- The Washington Times - Thursday, April 6, 2000

House Speaker J. Dennis Hastert yesterday said the House will vote on normalizing commercial ties with China the week of May 22, sending a message to undecided members that they should not expect a postponement until after the next election.

"We are going to move the bill," the Illinois Republican said. "We are going to have the vote, yes or no."

The decision to schedule the vote came as a relief to the White House and business groups, which had both leaned heavily on the House Republican leadership to schedule a vote out of fear that the vote on permanent normal trade relations (NTR) with China might get caught up in election-year politics.

In the last major trade policy fight, the 1997 debate over fast-track negotiating authority, Republican leaders pulled a planned vote at the last minute when it became clear that there were not enough votes to pass it. Even pro-trade members conceded that the failure to follow through on that vote damaged their credibility in the China debate.

Representatives of both sides of the issue said the margin of victory, or defeat, will be razor-thin.

"This is going to be a tough battle," said Rep. Robert T. Matsui, California Democrat.

Mr. Hastert's announcement marks the start of what promises to be six weeks of intense lobbying on both sides until the highly contentious issue is put to a vote before Memorial Day. Labor unions and other citizens groups are vying with the White House and business groups for the allegiance of a small pool of undecided House Democrats.

The White House, along with the Republican congressional leadership, is fighting for approval of legislation to extend to China the same trade status of NTR that all but a handful of countries enjoy. The move would pave the way for China to enter the World Trade Organization under the terms of an agreement the United States negotiated with China in November.

But a hodgepodge of labor unions, environmentalists and human rights activists appears set to dominate the debate in Washington over the next week, as protesters descend on the capital for the annual meetings of the World Bank and International Monetary Fund.

"The labor movement will bring in excess of 10,000 workers who are taking vacation time to come to Washington and express their opposition to permanent NTR on Wednesday," said Scott Nova, director of Citizens Trade Campaign, an umbrella group that is helping organize opposition to the legislation.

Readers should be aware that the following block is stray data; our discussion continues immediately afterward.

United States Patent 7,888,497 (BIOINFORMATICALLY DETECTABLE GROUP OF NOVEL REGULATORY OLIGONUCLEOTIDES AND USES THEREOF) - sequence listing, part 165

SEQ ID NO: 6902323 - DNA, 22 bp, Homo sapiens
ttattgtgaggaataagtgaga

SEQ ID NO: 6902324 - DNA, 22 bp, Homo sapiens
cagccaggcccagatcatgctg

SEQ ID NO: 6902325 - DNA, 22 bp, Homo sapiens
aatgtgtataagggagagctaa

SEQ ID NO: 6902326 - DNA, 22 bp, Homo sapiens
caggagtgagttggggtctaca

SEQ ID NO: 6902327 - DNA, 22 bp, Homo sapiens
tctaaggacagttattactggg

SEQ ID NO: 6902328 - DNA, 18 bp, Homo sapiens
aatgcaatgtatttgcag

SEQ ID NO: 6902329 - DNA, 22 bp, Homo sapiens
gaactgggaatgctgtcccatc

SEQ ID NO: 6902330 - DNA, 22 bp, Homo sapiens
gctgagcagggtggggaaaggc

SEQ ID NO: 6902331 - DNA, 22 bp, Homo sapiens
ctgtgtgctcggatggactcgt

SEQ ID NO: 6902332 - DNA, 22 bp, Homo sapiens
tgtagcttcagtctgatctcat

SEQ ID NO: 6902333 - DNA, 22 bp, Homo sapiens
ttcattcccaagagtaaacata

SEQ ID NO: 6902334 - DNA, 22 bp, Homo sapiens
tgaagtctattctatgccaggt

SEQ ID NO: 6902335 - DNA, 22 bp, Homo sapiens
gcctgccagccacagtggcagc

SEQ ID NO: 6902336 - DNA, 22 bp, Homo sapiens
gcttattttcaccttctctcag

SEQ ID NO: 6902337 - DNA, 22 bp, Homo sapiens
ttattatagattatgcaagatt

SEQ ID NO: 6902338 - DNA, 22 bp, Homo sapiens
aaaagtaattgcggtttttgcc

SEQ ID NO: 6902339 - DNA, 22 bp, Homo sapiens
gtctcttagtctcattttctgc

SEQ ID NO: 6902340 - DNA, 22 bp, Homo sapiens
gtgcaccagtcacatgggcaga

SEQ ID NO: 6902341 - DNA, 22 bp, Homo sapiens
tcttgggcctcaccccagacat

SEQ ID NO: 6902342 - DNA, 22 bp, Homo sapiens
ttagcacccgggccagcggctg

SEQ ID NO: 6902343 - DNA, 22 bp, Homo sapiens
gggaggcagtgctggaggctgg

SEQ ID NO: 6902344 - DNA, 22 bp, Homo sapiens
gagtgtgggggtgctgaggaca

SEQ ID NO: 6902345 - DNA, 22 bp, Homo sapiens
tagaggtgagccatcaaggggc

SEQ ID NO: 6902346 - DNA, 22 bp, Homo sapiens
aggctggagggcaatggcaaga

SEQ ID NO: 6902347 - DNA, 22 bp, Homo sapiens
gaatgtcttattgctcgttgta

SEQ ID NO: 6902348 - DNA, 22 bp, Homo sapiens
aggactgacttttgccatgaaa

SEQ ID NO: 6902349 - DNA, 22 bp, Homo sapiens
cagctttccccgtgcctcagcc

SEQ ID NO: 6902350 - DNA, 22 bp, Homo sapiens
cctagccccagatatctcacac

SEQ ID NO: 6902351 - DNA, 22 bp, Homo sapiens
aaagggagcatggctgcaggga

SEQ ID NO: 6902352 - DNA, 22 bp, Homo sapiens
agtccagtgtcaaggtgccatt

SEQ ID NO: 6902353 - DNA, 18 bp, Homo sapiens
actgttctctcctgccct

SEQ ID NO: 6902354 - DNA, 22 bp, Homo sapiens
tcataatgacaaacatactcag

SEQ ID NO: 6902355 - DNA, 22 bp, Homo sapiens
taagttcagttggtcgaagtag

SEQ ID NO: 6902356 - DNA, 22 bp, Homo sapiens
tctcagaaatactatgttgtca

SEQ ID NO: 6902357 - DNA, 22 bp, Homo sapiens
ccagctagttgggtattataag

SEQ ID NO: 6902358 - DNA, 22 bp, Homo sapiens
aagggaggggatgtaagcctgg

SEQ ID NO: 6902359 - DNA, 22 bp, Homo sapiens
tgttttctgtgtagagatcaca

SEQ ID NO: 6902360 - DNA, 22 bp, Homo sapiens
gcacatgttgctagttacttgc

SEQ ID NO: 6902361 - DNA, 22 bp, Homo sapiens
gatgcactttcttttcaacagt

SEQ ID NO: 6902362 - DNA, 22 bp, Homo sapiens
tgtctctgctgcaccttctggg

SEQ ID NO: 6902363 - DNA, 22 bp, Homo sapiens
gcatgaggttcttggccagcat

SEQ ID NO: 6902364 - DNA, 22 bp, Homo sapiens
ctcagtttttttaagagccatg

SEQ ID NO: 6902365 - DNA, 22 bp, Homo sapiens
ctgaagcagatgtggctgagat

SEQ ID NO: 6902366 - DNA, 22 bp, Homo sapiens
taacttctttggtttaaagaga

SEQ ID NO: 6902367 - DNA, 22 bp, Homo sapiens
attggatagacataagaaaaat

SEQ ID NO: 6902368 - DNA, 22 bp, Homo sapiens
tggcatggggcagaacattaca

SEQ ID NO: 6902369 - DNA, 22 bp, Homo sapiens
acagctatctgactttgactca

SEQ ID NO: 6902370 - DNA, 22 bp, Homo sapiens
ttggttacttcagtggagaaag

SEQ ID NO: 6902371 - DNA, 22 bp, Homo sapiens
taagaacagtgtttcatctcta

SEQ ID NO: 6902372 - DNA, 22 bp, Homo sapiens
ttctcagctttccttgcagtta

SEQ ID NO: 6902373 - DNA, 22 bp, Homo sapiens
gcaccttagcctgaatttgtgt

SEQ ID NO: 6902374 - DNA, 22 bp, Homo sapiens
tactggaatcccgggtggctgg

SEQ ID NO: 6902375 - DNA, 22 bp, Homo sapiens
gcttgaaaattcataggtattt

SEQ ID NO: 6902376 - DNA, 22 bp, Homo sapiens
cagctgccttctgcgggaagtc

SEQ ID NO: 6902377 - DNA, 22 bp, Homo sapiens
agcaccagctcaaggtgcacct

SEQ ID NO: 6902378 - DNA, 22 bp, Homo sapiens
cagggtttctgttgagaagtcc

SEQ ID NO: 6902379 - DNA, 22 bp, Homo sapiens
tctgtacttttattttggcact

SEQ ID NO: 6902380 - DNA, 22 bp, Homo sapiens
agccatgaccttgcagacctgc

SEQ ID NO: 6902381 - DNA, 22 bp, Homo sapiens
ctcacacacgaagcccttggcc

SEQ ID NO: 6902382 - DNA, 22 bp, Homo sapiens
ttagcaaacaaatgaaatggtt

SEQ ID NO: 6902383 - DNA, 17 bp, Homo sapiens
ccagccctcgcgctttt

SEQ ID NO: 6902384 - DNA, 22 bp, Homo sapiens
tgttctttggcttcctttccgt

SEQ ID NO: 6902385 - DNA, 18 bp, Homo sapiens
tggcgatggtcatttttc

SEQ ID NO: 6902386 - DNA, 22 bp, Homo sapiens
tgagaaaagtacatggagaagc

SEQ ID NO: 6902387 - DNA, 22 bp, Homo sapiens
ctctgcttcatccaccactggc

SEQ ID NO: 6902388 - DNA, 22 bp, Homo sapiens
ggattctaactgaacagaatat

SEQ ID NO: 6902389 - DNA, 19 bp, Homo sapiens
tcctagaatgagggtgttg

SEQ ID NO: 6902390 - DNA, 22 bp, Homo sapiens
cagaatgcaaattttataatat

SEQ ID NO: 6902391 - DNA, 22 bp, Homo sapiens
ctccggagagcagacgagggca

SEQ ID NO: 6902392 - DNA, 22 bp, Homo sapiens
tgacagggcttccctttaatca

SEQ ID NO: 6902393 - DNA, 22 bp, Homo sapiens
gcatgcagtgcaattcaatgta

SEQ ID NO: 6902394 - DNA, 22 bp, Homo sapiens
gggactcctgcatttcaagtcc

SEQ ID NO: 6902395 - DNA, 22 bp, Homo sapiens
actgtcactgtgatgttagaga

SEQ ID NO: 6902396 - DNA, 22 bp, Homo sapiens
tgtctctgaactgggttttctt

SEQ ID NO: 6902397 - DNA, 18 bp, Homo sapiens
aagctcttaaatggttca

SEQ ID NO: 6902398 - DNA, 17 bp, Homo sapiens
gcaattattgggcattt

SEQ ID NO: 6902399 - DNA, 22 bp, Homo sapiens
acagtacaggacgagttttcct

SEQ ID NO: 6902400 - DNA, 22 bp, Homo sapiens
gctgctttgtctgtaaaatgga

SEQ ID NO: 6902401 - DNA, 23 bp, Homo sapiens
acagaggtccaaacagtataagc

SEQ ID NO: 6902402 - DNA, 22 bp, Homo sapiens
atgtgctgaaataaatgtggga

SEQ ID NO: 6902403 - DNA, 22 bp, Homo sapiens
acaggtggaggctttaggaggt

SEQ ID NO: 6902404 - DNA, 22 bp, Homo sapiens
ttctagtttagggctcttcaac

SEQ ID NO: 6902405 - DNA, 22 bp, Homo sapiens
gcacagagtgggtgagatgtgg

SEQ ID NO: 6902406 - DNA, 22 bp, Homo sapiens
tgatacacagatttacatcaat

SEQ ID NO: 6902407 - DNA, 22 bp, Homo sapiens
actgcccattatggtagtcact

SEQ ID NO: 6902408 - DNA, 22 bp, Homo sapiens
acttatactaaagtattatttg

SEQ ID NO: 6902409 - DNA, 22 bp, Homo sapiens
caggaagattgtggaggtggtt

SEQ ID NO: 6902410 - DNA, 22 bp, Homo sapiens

Mr. Nova said NTR opponents also expect to flex their political muscle as members leave Washington for the two-week congressional recess that begins on April 15. But business plans to be ready for them in the legislative districts, suggesting that undecided members will not be able to avoid the China debate in the coming weeks, even at home.

"We've seen a lot of energy from our members at the grass-roots level," said Dave McCurdy, president of the Electronics Industries Alliance.

Passage of permanent NTR appears virtually certain in the Senate, but it is still bitterly contested in the House. House Republicans say privately that the White House needs to deliver at least 70 Democrats to pass the legislation in the House.

Mr. Hastert's decision to schedule a vote came after private assurances from the White House that it has rounded up a significant number of House Democrats but that it needed a date for a vote to lock in the remaining members, administration and congressional officials said.

Still, the fight will be an uphill one, these officials said. Many of the potential supporters are "leaning yes" but could still ultimately oppose permanent NTR.

"You would have trouble organizing a couple of bridge games with the number of House Democrats who are publicly in favor of permanent NTR," Mr. Nova said.

If the vote appears in doubt, the White House could resort to side deals with individual members that may or may not have any bearing on trade with China. Rep. Sander M. Levin, Michigan Democrat, has developed proposals that would lock in a congressional role in U.S.-China policy, and House Majority Leader Dick Armey said this week that the Republican leadership is willing put them to a vote if they help pass permanent NTR.

"If it does, in fact, turn out to be a really tight vote … then willingness to look at other things that help people along will always be there," the Texas Republican said.

But President Clinton's lame-duck status could substantially weaken his ability to cater to individual members' demands to round up votes in the House, a point underscored last week by House Minority Whip David E. Bonior, the chief opponent of permanent NTR in the House.

"The president is leaving office, so he does not have much time to fulfill their requests," the Michigan Democrat said.

For now, NTR supporters are focused on making the case for Chinese membership in the WTO. In particular, they are trying to emphasize that this trade agreement is not like the North American Free Trade Agreement, in which the United States had to make substantial concessions to Mexico.

"I am astonished at the number of members who do not understand this," said Rep. Jim Kolbe, Arizona Republican. "They think this is a normal trade agreement" with U.S. concessions.

And, the trade legislation's backers want to lay the groundwork for a narrow victory in the House vote by getting the Senate to at least begin consideration of the legislation.

"The onus is now on the Senate Finance Committee to move expeditiously," said Sen. Max Baucus, Montana Democrat.

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